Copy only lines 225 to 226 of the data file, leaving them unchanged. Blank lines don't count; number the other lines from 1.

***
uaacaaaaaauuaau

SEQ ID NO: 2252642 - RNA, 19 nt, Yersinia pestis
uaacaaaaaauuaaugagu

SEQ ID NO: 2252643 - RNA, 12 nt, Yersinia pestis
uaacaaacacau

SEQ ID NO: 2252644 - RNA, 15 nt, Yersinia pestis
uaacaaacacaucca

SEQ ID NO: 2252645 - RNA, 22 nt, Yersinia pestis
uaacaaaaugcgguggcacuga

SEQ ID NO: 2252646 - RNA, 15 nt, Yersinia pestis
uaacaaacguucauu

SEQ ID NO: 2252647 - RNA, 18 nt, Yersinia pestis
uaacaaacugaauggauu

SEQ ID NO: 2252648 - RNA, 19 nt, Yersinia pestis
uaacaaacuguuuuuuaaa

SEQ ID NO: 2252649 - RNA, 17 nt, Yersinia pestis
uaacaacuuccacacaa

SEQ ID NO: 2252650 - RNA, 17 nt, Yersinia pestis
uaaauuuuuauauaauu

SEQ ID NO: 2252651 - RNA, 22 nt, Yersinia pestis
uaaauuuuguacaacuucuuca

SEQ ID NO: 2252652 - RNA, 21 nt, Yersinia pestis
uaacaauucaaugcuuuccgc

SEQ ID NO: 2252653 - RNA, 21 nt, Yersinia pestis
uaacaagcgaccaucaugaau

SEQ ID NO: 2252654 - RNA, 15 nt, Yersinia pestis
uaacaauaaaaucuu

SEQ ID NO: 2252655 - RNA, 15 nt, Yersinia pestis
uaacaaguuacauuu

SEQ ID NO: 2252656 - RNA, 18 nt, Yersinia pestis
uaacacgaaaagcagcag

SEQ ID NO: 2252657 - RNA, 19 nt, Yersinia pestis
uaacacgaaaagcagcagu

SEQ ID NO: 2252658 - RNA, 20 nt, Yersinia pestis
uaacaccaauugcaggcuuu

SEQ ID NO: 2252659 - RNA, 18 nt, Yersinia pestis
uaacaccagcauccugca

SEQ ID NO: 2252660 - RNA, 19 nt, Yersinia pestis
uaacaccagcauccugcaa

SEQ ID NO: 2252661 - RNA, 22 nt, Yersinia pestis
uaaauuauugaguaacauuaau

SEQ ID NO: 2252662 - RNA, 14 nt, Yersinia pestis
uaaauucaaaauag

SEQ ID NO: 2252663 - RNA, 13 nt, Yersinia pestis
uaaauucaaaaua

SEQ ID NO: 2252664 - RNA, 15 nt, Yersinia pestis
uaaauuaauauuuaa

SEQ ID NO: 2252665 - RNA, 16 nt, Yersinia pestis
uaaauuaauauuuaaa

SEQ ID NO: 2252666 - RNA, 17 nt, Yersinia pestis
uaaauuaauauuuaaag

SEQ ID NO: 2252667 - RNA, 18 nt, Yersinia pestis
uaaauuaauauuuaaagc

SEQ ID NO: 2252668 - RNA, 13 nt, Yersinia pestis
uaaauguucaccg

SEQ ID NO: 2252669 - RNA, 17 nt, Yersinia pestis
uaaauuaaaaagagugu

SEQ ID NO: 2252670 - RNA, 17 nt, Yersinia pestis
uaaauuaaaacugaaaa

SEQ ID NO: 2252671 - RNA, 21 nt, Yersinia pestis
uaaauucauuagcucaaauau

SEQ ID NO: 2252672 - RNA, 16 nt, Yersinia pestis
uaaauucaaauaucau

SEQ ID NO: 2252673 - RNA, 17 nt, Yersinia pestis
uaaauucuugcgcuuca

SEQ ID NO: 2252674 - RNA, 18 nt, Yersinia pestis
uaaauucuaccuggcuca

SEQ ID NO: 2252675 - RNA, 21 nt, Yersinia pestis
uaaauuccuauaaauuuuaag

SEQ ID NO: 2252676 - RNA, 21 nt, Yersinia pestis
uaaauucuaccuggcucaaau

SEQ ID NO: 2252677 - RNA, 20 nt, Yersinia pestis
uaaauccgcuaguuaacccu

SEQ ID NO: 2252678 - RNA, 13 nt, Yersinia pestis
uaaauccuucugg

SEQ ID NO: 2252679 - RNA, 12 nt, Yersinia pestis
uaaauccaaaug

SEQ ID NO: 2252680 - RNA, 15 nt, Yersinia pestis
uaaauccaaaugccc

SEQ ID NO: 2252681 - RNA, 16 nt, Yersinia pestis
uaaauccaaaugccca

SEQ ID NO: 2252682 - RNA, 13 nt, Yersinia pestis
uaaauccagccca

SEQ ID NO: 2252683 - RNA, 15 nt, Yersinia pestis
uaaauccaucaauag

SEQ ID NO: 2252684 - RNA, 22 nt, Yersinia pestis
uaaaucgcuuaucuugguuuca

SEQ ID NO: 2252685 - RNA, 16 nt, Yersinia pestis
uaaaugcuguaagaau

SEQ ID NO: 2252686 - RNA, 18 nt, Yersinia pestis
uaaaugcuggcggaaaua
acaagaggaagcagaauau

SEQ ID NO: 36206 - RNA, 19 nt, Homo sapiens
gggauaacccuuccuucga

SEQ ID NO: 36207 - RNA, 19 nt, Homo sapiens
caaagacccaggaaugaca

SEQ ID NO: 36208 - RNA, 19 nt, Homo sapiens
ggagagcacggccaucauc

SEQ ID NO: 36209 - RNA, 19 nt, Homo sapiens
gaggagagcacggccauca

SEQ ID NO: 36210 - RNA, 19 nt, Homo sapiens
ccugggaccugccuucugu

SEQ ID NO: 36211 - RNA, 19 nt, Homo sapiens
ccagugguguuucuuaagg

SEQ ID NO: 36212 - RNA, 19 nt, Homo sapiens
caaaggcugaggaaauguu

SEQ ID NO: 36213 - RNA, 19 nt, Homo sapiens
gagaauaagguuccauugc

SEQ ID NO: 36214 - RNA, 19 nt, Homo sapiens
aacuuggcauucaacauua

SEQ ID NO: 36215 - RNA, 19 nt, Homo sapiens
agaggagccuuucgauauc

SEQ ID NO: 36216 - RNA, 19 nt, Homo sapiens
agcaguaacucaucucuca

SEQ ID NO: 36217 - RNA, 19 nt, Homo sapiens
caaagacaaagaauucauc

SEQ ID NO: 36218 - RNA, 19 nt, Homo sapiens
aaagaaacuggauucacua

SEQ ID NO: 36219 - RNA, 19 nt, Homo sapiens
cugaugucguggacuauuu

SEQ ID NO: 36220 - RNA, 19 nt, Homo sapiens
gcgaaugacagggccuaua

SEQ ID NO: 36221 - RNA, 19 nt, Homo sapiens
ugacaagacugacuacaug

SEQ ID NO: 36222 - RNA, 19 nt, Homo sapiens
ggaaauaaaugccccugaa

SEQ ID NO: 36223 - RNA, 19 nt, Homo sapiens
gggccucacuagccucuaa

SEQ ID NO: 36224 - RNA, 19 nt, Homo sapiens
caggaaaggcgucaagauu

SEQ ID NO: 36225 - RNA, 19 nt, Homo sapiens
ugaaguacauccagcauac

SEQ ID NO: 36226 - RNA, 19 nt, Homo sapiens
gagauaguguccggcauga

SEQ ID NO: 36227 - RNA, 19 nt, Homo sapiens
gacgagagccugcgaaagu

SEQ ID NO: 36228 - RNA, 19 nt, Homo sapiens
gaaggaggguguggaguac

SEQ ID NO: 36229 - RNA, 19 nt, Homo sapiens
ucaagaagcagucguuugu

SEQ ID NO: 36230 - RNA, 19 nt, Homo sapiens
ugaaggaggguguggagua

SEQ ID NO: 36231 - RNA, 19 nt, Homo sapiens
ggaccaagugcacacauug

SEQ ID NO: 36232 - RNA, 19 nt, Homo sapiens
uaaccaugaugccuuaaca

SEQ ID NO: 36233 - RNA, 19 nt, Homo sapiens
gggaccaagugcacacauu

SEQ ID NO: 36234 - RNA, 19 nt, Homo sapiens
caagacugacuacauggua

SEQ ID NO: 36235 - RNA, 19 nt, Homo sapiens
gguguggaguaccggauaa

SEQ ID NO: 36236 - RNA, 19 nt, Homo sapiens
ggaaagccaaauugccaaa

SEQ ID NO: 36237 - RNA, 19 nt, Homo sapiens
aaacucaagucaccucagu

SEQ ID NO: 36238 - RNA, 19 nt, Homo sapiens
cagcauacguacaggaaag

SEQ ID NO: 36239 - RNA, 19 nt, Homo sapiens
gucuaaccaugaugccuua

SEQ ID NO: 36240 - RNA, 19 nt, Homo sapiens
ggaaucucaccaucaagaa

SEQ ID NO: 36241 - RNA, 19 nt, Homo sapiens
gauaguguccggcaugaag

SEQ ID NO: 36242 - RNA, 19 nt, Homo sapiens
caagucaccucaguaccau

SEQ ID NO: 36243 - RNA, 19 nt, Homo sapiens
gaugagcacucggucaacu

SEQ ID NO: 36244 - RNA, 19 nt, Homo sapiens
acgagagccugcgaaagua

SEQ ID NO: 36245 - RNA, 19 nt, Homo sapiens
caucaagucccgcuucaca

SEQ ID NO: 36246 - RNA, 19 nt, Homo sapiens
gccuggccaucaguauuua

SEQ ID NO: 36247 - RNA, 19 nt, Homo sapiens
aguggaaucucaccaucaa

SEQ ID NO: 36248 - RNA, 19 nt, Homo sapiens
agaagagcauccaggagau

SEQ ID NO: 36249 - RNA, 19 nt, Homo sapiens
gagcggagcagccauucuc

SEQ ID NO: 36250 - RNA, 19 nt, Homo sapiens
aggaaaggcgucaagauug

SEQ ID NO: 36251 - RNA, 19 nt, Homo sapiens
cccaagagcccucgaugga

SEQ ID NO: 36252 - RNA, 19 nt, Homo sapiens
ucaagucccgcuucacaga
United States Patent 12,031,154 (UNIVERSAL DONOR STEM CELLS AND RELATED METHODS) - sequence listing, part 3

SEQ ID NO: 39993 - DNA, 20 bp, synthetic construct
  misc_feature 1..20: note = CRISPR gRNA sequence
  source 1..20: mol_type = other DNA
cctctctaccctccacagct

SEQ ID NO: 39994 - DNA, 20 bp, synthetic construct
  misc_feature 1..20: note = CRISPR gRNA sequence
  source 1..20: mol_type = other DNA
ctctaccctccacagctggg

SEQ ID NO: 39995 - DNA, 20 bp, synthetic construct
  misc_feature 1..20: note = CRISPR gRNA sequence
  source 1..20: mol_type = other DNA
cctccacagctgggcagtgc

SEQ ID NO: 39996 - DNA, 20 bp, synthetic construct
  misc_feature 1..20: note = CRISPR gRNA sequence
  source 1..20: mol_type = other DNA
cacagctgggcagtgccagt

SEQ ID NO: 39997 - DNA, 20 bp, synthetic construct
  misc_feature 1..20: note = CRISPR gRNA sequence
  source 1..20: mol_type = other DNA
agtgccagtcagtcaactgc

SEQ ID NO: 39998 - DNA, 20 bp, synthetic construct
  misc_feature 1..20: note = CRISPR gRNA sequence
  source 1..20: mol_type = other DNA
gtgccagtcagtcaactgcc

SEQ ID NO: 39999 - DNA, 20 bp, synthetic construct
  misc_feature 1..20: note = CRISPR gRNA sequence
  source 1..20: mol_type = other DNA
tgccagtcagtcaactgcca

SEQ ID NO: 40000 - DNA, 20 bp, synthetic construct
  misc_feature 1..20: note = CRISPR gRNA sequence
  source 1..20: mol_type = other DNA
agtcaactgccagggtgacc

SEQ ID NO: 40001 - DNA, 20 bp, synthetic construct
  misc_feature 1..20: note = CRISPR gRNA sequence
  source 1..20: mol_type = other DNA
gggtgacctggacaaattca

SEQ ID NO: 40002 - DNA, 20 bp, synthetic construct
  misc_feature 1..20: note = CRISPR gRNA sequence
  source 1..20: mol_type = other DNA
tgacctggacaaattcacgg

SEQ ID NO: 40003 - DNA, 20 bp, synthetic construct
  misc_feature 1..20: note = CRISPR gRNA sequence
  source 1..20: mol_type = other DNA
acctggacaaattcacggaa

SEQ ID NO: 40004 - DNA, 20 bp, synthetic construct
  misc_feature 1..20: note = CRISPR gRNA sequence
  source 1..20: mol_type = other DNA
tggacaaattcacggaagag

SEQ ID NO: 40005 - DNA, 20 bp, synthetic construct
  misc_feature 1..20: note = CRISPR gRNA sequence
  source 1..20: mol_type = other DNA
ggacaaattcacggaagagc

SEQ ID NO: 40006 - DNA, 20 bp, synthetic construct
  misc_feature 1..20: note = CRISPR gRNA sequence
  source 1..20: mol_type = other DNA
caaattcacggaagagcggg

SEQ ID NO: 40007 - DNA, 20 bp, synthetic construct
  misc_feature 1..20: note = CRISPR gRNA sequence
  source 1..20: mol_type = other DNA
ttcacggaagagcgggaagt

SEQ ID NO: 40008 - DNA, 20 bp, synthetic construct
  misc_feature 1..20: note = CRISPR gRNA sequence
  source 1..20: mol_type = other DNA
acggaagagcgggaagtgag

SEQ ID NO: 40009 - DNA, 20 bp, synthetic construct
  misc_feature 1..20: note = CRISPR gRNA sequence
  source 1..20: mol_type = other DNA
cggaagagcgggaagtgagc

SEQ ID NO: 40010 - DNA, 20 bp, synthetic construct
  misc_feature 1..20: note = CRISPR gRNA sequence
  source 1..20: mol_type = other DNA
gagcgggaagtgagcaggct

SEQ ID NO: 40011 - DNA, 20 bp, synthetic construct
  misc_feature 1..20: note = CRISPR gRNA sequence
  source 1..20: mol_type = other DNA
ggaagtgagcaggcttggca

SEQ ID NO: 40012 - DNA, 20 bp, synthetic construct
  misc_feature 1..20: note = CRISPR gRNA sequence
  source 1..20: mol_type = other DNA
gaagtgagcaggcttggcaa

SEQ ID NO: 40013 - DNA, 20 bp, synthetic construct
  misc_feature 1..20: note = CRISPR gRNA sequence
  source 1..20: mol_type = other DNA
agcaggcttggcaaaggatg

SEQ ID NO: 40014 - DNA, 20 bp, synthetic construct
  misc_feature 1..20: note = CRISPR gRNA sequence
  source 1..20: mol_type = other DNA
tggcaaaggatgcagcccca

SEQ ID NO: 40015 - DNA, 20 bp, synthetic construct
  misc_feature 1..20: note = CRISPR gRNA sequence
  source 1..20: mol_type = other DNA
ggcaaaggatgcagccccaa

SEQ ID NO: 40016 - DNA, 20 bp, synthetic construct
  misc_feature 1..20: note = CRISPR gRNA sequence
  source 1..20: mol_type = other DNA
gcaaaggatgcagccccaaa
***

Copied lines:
  misc_feature 1..20: note = CRISPR gRNA sequence
  source 1..20: mol_type = other DNA